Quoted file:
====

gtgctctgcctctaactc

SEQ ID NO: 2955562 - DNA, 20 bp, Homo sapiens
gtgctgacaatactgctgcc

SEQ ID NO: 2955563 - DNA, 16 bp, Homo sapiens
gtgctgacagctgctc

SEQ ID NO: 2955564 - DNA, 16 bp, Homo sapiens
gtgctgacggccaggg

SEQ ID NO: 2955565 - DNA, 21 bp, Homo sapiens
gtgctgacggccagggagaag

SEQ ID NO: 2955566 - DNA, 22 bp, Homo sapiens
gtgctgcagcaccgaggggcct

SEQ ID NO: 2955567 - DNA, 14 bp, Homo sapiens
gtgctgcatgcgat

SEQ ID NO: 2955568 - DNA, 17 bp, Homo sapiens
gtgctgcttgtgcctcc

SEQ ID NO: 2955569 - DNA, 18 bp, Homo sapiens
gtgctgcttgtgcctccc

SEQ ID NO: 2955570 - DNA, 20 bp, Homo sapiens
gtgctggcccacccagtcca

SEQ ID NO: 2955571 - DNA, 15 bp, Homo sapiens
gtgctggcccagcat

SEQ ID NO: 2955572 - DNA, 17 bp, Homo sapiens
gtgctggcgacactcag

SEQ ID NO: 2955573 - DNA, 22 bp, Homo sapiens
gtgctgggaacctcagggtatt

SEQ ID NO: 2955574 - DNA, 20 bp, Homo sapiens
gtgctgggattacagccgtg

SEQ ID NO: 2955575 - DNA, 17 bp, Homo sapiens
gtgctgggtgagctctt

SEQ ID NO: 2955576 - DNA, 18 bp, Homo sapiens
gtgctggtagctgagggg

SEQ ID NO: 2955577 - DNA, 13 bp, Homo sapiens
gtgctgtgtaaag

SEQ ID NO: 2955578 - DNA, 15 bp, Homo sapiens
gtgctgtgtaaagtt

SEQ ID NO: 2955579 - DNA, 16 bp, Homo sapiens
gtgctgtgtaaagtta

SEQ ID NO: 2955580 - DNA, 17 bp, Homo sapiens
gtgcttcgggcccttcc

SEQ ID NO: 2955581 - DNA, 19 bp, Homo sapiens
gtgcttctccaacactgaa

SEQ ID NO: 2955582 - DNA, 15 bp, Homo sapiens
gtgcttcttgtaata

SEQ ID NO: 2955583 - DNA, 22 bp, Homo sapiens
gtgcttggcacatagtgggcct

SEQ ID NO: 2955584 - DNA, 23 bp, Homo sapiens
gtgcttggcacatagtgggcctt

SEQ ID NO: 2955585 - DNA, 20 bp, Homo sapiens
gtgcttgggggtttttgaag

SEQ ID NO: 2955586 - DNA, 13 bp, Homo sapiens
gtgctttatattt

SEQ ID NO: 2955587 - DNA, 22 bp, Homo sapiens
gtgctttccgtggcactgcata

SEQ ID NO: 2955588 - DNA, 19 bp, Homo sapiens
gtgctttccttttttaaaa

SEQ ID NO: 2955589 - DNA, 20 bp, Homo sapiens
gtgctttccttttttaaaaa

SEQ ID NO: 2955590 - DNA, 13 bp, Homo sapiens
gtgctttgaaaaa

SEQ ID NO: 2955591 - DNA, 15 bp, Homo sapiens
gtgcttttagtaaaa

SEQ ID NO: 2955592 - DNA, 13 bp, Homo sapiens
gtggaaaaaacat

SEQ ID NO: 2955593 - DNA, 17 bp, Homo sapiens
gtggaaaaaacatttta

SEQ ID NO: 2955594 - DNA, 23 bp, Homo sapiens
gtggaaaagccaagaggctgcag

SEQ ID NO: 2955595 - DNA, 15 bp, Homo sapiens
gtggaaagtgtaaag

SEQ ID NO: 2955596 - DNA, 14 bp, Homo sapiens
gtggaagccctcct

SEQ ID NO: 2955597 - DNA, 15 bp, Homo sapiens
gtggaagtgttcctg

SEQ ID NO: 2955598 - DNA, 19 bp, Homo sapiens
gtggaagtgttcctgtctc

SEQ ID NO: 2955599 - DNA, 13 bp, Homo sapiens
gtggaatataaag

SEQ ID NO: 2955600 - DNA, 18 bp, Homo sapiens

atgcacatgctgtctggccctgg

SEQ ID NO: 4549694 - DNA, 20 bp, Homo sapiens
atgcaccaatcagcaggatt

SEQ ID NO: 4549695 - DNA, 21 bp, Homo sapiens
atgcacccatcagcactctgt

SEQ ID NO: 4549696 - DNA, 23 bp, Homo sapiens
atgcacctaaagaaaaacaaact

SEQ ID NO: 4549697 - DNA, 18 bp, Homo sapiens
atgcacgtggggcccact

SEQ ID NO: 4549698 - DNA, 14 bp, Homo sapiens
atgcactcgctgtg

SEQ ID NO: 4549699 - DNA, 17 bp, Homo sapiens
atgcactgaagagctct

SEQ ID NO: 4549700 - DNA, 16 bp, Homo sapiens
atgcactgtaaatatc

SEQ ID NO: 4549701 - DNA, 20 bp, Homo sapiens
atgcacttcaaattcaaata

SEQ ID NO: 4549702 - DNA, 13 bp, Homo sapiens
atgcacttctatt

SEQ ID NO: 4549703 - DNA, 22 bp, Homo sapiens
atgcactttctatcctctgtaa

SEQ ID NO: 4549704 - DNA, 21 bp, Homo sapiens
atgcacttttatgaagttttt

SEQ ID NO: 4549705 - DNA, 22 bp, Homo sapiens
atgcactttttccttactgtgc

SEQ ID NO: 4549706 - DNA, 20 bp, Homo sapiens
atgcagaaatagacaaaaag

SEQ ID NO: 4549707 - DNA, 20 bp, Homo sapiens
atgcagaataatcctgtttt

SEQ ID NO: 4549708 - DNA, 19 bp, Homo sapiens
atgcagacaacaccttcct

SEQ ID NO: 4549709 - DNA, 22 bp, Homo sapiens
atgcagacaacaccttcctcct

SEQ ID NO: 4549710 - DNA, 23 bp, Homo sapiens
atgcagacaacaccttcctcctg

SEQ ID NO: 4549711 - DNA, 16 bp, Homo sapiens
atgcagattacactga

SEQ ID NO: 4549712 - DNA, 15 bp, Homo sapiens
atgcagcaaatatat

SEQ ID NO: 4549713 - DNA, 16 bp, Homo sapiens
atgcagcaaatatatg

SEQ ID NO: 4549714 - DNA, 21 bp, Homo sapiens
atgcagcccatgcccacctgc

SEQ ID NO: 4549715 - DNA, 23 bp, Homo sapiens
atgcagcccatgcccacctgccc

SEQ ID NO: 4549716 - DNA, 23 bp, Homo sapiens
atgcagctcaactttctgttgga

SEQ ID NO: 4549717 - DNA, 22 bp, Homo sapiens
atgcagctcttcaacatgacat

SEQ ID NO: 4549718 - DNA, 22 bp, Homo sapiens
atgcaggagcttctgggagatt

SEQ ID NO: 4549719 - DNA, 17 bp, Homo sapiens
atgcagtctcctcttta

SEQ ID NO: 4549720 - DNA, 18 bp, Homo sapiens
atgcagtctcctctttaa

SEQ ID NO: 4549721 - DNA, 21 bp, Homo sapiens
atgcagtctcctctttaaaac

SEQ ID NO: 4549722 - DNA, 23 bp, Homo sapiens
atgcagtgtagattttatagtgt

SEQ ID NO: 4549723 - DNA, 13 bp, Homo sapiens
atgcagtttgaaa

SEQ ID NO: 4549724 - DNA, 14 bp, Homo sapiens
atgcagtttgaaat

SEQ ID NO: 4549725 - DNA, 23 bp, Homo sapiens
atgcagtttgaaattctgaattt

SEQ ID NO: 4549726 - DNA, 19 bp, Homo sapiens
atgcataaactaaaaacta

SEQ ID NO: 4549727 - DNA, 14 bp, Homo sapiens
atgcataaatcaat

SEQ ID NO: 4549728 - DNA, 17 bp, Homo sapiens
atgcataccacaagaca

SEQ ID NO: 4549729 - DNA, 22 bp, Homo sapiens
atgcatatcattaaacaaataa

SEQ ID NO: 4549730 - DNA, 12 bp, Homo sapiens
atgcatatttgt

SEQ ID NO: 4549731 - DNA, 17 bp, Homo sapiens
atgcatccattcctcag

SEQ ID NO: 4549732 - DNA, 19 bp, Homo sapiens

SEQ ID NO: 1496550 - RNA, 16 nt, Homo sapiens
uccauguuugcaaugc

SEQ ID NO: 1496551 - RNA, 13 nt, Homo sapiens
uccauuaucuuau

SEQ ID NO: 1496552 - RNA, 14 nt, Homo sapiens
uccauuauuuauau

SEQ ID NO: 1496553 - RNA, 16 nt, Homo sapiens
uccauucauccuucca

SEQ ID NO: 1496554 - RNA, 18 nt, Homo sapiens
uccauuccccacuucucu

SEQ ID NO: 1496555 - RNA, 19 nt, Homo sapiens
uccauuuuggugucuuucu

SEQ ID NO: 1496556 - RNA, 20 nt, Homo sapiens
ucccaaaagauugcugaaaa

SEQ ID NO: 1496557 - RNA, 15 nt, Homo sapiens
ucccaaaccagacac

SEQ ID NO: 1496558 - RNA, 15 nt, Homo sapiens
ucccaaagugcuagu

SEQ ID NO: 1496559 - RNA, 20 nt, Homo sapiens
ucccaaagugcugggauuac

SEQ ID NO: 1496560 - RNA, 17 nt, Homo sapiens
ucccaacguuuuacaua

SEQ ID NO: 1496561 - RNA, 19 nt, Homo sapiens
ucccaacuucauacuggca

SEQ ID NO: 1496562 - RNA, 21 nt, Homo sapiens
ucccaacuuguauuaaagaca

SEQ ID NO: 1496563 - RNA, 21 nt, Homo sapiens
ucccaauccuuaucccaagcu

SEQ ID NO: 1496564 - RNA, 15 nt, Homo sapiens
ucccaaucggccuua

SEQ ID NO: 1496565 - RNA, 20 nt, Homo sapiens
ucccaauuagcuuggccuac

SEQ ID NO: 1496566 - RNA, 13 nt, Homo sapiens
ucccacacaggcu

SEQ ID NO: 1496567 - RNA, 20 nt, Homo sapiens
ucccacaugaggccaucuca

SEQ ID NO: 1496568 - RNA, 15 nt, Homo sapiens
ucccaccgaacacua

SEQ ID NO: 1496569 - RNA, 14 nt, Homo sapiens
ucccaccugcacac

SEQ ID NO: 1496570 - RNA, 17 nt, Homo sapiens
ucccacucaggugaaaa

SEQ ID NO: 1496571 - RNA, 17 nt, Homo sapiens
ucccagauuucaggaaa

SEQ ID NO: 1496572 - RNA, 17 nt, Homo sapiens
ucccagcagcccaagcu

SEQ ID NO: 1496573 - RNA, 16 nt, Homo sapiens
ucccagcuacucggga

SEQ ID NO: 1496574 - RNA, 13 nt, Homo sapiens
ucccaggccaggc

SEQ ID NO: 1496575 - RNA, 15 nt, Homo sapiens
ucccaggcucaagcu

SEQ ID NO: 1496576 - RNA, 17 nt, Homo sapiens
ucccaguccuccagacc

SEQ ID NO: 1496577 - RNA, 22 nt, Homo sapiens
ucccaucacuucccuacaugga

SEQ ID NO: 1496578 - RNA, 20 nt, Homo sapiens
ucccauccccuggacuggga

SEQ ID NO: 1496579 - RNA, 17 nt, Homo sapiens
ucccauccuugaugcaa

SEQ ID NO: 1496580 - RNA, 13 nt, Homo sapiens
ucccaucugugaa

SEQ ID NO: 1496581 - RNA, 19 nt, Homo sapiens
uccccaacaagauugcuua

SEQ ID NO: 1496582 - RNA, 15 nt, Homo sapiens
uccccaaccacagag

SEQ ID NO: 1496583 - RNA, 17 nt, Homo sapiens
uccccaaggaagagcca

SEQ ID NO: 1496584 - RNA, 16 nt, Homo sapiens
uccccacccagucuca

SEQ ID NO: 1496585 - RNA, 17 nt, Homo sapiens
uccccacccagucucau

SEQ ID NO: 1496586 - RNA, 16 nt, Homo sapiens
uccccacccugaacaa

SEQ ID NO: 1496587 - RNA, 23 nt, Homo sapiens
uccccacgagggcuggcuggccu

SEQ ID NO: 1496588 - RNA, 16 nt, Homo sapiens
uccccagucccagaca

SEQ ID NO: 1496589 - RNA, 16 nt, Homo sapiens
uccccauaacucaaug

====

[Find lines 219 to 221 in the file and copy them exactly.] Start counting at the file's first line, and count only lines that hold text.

SEQ ID NO: 1496581 - RNA, 19 nt, Homo sapiens
uccccaacaagauugcuua

SEQ ID NO: 1496582 - RNA, 15 nt, Homo sapiens